There are many reasons why text alone doesn’t work in terms of pure conversion numbers on many websites and landing pages. Marketers have learned that images and quality graphics (charts, icons, etc.,) play a major role in communicating to the user as to what a company’s products and services are all about.
However, images are not exactly something that a search engine can easily understand. At least not without some help from us. And when I say images, I’m also talking about any main graphics and icons on the page.
Any type of website can benefit from proper SEO optimization and there are a few ways to optimize images that can help search engines like Google figure out what the image is about (and hopefully relate this to the page itself).
However, I am going to be careful using the term “SEO” and “image” mainly because what I about to show you is not something you can (or should even consider) abusing by black hat techniques such as keyword stuffing or hidden text.
Increase your text content in some way. This means you might need to consider text that’s either above or below the graphic. You can create headings, small paragraphs, and so on, but just ensure it’s something useful for the user to read, and has some sort of meaning.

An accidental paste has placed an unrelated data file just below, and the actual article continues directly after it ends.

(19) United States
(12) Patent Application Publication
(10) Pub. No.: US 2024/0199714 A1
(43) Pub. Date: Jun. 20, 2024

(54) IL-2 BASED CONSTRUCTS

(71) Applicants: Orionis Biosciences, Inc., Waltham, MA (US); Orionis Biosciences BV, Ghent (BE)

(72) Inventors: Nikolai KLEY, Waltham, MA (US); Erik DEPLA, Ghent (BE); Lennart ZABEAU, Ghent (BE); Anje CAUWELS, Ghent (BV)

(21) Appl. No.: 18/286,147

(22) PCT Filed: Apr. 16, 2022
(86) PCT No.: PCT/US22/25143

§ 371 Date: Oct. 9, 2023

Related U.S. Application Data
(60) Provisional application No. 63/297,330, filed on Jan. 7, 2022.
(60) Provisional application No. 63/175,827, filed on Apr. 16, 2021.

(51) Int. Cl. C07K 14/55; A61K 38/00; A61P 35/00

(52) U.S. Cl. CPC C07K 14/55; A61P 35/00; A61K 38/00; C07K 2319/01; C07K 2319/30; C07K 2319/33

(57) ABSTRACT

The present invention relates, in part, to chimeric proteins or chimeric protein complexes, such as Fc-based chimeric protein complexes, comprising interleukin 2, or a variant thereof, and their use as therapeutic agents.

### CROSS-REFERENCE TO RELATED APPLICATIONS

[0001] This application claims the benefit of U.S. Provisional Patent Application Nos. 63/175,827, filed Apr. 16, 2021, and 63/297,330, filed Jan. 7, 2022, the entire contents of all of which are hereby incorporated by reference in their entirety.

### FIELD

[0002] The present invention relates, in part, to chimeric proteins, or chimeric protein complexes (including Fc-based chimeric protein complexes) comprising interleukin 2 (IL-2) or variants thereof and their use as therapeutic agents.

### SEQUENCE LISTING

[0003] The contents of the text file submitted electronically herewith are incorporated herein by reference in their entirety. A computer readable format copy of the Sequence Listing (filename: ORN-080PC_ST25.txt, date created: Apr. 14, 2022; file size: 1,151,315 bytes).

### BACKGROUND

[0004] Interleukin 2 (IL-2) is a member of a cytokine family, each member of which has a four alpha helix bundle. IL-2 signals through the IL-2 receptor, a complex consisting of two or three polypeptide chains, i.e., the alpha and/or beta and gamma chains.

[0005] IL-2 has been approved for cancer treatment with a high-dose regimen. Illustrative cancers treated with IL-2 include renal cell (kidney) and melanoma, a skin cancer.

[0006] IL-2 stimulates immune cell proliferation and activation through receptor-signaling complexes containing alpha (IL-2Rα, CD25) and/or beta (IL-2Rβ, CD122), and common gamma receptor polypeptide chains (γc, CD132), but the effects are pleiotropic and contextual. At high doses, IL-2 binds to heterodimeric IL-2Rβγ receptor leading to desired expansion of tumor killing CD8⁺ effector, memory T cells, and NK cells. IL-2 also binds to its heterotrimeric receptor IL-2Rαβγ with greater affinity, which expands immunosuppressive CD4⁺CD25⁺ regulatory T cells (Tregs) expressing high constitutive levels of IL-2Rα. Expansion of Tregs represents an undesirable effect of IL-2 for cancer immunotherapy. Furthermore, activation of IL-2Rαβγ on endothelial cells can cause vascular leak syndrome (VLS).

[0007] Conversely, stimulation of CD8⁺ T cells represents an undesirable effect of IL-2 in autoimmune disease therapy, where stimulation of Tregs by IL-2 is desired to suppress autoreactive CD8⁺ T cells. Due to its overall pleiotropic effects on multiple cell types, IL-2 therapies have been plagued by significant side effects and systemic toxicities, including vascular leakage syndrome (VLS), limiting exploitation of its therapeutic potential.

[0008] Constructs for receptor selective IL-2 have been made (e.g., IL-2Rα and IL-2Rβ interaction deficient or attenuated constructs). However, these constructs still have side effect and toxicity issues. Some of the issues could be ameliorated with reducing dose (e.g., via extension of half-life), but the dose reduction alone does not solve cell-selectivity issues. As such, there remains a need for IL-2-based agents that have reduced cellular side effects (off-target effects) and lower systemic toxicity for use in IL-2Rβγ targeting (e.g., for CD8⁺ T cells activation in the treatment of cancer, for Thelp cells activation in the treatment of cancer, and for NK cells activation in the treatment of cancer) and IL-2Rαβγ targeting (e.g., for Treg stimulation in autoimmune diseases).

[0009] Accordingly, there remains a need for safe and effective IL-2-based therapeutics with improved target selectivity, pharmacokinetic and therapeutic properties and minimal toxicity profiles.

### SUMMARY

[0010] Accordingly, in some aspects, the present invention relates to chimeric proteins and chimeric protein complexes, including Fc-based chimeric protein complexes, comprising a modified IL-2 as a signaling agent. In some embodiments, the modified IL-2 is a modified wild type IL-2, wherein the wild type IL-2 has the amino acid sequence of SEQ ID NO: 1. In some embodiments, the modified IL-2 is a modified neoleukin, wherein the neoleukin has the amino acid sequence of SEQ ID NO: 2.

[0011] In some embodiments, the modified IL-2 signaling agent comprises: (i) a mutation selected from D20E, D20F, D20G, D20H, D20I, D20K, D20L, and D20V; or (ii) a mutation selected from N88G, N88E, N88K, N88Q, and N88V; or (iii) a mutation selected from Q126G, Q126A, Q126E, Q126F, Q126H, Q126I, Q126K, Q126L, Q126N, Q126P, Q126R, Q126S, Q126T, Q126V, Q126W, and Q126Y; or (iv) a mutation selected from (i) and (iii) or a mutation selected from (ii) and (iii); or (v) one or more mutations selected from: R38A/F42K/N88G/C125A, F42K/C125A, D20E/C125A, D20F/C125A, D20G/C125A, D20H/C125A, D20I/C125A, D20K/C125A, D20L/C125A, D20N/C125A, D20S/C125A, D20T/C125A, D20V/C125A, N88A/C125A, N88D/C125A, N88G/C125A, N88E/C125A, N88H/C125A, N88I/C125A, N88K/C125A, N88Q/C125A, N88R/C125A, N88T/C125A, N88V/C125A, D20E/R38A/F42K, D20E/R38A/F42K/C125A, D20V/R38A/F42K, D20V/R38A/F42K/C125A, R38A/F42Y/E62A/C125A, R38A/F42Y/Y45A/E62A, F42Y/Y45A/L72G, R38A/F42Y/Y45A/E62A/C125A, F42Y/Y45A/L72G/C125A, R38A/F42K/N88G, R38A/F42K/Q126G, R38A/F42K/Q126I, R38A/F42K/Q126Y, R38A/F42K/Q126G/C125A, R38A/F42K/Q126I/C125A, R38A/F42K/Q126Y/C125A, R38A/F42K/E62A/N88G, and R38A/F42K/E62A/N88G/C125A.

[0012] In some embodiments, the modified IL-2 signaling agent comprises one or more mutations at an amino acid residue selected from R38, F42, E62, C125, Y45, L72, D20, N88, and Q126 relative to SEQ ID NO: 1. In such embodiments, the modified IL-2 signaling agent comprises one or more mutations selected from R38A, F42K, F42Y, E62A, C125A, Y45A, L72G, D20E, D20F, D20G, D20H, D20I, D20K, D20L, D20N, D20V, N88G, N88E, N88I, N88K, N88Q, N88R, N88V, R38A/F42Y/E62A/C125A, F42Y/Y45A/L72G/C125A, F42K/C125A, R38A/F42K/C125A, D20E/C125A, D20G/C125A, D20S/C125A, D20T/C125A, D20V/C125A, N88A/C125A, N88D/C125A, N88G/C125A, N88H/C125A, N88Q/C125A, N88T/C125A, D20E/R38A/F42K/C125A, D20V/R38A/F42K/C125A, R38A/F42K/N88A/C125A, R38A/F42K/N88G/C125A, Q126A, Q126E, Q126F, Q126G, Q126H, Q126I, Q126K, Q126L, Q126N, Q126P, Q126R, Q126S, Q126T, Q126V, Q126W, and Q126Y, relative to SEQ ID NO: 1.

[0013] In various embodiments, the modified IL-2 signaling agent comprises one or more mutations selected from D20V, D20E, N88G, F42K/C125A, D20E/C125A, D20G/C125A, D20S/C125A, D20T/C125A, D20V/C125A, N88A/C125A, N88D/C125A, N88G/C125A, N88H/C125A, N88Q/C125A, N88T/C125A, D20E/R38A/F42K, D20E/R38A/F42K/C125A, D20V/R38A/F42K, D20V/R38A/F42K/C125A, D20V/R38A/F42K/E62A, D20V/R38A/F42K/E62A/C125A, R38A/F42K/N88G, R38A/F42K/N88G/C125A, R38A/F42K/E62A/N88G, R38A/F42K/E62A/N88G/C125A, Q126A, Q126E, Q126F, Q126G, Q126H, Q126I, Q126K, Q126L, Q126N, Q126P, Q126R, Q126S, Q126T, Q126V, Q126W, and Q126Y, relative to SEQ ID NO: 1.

You may also consider image captions if you can. Captions can be fun facts that relate to both the page or the image itself. Get creative!
Use the ALT tag to add a complete description to the image that search engine spiders can actually read and understand.
Just keep in mind, ALT tags are not the same as TITLE tags. For SEO purposes, you may simply just include the ALT tags. For usability purposes, you may also add the image TITLE tag
While the ALT tags tells search engines like Google about the image, the TITLE tag this tells the user something about the image when the mouse hovers over it, and also this tag shows up if the image is ever broken.
<img src=”photo.jpg” alt=”This is a photo of a cat.”>
Just make sure to not keyword stuff. Only use a single keyword in any ALT tag at any given time.
Utilize your blog. Create some content around your homepage or whichever page is image heavy and post it on your blog. In your blog post, utilize a text link to link up to the correct page utilizing either the keyword you want or a variant of it.
Note: if your entire website is image heavy, focus sending links from content to the homepage.
If you want to create custom landing pages, that’s an option, but a very time consuming one (but worth undertaking if you have the money and time).
This post was written by Tony Dygal